My Story:

Jack Padovano

How PC Lives With Me

When Mary asked me to talk about my life with PC, I thought, “what am I going to tell a room full of people who live with PC every day – something they haven’t heard before, or something they don’t already know?”

So, and please forgive me Mary, I began this exercise by changing the name of my chat from Living with PC to How PC lives with me. It’s a small but powerful change because that small nuance puts me in the drivers seat. And after all, I am the one calling the shots here, not my PC.

And I figured that the best way to communicate how PC lives with me is to share a letter I wrote to my PC. That’s right, I wrote a letter to my Pachyonychia Congenita. After all, he has a fancy scientific name, an entire organization named after him, a team of doctors and scientists studying him, and us, his followers of sort, so why not give him a face.

So I’d like to share my letter with you now. I titled it, An Open Letter to my PC.


Dear PC,

Well, already a bad start. You’re not so dear. So let me start again.

Hello PC. Yeah, that feels better. Hello PC.

When I first met you, I was six months old. I didn’t know who or what you were. But then again, I was six months old! But more importantly, neither did my parents, family, or my pediatrician. Looking back, it makes sense that no one knew, as I’ve since learned that I’m a spontaneous case, meaning that my PC is spontaneous and not inherited.  Lucky me. But also, lucky you. Because you get to know me.

When I was three, Dr. Sidney Barsky figured out the mystery of who and what you were. I was a bit lucky to find out so early in life even though Dr. Sidney titled the report Pachyonychia Congenita. After all, it was 1965.

The report was very clinical…and I quote, “A three-year-old boy is presented, who since birth has demonstrated nail and skin changes of the thumbs, index finger and mid-fingers. Since 6 months of age there have been similar changes noted on the first, third and fifth toes. The condition has become progressively worse with new wart-like lesions developing on the skin of the hands and feet. No other members of the family have had a similar condition.”

And the rest is history. You made your grand entrance PC, and what an entrance it was, you narcissistic pain in the hands and feet.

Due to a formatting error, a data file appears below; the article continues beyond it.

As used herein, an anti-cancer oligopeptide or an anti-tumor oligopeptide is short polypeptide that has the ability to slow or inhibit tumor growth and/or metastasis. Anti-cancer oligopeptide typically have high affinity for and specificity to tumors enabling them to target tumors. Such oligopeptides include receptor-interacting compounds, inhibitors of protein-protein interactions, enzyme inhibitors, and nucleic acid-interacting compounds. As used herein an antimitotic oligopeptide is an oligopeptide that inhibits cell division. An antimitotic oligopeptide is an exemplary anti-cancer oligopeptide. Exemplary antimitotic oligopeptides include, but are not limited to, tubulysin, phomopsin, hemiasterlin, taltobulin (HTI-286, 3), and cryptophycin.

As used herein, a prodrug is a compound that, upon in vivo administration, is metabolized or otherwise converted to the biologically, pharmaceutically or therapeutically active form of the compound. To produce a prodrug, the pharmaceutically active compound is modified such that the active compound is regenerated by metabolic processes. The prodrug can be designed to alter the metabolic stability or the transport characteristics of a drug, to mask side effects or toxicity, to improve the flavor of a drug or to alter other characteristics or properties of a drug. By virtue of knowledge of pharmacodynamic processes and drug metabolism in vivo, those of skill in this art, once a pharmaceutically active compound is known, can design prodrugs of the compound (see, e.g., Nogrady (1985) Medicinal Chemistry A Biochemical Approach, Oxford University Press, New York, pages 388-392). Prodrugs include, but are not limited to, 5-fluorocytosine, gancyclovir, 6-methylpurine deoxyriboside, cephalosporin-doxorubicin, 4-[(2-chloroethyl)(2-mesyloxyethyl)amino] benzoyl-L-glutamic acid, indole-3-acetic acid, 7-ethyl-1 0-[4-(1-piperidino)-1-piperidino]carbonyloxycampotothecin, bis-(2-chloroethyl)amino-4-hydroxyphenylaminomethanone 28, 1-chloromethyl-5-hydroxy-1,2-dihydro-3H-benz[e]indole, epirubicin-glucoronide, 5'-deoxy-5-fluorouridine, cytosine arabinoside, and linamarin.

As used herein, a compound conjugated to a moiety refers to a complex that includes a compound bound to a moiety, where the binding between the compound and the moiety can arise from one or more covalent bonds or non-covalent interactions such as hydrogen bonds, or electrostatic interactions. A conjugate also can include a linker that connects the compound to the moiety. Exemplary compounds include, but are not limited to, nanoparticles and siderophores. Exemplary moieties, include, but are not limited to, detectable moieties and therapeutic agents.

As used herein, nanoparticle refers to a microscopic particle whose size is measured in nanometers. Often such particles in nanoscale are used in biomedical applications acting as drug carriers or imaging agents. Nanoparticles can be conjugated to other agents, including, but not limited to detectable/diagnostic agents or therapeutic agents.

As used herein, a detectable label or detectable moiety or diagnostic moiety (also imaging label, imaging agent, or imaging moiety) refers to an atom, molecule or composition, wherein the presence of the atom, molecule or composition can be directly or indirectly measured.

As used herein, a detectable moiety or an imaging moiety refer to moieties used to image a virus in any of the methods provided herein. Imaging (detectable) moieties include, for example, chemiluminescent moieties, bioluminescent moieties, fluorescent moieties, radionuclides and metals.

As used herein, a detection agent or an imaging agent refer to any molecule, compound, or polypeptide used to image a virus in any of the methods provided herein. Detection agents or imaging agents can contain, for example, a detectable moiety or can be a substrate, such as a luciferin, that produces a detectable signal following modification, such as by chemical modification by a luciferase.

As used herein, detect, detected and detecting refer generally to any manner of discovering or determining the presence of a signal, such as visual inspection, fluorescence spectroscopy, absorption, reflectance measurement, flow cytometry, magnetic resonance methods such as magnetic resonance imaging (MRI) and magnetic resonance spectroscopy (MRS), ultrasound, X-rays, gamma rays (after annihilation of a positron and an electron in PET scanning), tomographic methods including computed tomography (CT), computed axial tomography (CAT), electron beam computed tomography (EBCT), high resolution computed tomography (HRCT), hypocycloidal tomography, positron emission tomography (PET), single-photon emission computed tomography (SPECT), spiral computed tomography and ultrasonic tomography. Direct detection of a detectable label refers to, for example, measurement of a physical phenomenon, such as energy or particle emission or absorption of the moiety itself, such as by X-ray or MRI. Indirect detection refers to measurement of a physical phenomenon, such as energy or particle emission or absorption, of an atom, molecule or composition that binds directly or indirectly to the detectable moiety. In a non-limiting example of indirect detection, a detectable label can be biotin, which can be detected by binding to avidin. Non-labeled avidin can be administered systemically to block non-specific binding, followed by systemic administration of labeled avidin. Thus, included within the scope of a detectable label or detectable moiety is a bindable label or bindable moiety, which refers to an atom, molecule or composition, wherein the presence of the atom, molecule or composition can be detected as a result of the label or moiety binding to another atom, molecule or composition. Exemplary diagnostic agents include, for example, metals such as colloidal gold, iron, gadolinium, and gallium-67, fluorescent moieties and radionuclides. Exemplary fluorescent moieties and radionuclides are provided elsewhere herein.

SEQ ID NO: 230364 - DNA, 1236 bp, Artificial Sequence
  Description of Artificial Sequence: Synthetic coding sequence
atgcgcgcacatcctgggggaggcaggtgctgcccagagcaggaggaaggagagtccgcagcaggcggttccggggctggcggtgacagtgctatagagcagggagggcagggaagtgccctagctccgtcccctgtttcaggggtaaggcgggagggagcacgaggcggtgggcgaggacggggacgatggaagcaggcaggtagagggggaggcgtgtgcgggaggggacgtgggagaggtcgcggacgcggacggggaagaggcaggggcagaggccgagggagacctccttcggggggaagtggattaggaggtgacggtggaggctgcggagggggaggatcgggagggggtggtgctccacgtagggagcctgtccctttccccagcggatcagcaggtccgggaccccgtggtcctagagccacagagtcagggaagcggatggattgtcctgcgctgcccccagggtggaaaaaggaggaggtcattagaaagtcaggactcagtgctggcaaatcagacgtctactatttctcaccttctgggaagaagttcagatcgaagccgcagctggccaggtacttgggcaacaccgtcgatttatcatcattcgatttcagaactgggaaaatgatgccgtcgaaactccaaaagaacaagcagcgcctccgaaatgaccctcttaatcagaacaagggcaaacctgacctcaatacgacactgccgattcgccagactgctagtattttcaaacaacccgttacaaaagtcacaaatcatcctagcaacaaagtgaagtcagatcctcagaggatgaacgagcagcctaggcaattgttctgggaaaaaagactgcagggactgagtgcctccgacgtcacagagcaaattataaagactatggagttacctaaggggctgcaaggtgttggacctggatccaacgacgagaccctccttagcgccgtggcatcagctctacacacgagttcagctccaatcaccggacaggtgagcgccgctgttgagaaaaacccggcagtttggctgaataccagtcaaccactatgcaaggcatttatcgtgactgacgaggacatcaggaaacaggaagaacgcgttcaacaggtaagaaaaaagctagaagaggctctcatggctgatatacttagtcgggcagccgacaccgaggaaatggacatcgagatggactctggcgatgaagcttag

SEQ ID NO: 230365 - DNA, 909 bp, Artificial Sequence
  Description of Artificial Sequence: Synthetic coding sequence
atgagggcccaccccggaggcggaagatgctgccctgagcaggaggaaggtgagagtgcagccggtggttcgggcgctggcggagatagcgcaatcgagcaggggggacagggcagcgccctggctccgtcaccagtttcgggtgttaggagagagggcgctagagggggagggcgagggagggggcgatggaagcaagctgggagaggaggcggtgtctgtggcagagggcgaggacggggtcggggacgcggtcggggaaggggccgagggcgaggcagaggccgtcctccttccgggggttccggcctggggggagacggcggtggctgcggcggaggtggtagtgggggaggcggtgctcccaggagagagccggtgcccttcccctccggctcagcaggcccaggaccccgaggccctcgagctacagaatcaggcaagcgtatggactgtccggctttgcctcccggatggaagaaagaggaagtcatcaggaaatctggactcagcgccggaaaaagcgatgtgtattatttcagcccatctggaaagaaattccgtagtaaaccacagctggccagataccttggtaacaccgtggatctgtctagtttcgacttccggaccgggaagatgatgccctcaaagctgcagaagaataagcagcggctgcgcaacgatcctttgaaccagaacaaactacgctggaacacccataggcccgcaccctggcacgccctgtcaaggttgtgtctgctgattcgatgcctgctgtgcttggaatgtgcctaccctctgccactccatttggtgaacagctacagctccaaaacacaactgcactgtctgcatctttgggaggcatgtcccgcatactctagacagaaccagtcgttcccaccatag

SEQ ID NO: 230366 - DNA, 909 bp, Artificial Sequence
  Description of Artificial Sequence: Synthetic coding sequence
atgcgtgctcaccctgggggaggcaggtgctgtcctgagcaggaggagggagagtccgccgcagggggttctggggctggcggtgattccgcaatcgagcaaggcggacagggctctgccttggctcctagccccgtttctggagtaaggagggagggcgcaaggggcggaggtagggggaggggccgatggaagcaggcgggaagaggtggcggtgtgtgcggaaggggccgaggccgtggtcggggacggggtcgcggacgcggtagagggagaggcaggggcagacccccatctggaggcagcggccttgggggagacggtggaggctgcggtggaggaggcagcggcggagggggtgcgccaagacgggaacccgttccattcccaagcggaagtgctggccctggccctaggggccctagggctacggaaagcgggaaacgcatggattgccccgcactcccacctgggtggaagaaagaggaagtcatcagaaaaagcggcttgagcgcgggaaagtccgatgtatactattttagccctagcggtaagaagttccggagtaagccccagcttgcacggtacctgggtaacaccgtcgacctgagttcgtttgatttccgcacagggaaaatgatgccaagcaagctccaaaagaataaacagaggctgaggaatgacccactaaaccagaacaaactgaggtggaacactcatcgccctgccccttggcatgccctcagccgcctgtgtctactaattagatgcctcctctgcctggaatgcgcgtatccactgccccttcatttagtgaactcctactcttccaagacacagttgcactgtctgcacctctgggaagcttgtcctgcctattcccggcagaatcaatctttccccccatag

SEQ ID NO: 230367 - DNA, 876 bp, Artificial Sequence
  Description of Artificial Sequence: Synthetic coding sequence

My parents read the report and kept reading and reading, certain they would get to the section labeled cure, which of course never came. Ok, no cure, but how about treatment? There had to be a section on treatment. Again, no luck.

My parents weren’t devastated because they had no idea what this condition meant for me or my life. I call it blissful ignorance. In the 60’s there was no internet, no Mary Schwartz, and no PC Project. Well there was Mary Schwartz but we didn’t know her then. And there was no one we knew who had the condition.

So my parents and I learned how to deal with you. What other choice did we have? We survived your terrible infections…Boy they hurt. Were you angry with me during those episodes? We survived the monthly foot doctor appointments where my doctor used a scalpel to hack you off. Boy those hurt too. But we survived. And we learned to live with you. Because you weren’t going anywhere. You moved in and you were settled. Curse you PC!

I hate to admit it PC, but you’ve changed my life and I hate you for it.

I hate you for making my finger nails ugly, so ugly that other kids made fun of me growing up. I hate you for making me walk “weird,” now affectionately called the “PC Walk.” But back then the kids didn’t see any humor or compassion in my walk. I was just different and that made me a target. I hate you for preventing me from playing most sports and for dreading PE class.

I hate you for the pain you cause. The pins-and-needles feeling, the deep ache that cuts all the way to the bone. I hate that even when I treat you well, even baby you -hot water soaks, cold-water soaks, elevating my feet, rubbing creams on you, massage, Vaseline baths, whatever – you’re never satisfied! You still cause pain. And I hate that the pain you cause makes me grouchy and lash out to the people I love, work with, and even total strangers.

Sure PC, you can wave your victory flag, because now you have an organization built around your name and it’s all about you. And you can add me to your list of the thousands of others that you have managed to infect like an unwanted house-guest.

Oh PC, just your name drives fear and misery into the hearts of parents and prospective parents everywhere. Like a selfish partner, you stick, you hover, you cause pain, and just when I feel I may have you under control, you swoop in via an infection or swollen feet. Wow, you must be quite proud of yourself for the power you have over my life and me. So PC, I want you gone.

I told you before you changed my life. And in your infinite arrogance, you assumed it was for the worse. HA! Guess what? You were wrong. While I certainly don’t love you or even like you for that matter, I do respect your power. You’ve made me a stronger person. You’ve taught me how to be courageous by exposing you to legions of doctors interested in learning more about you and by standing up to bullies who have no interest in learning anything about you except to use you as way to call me out as different.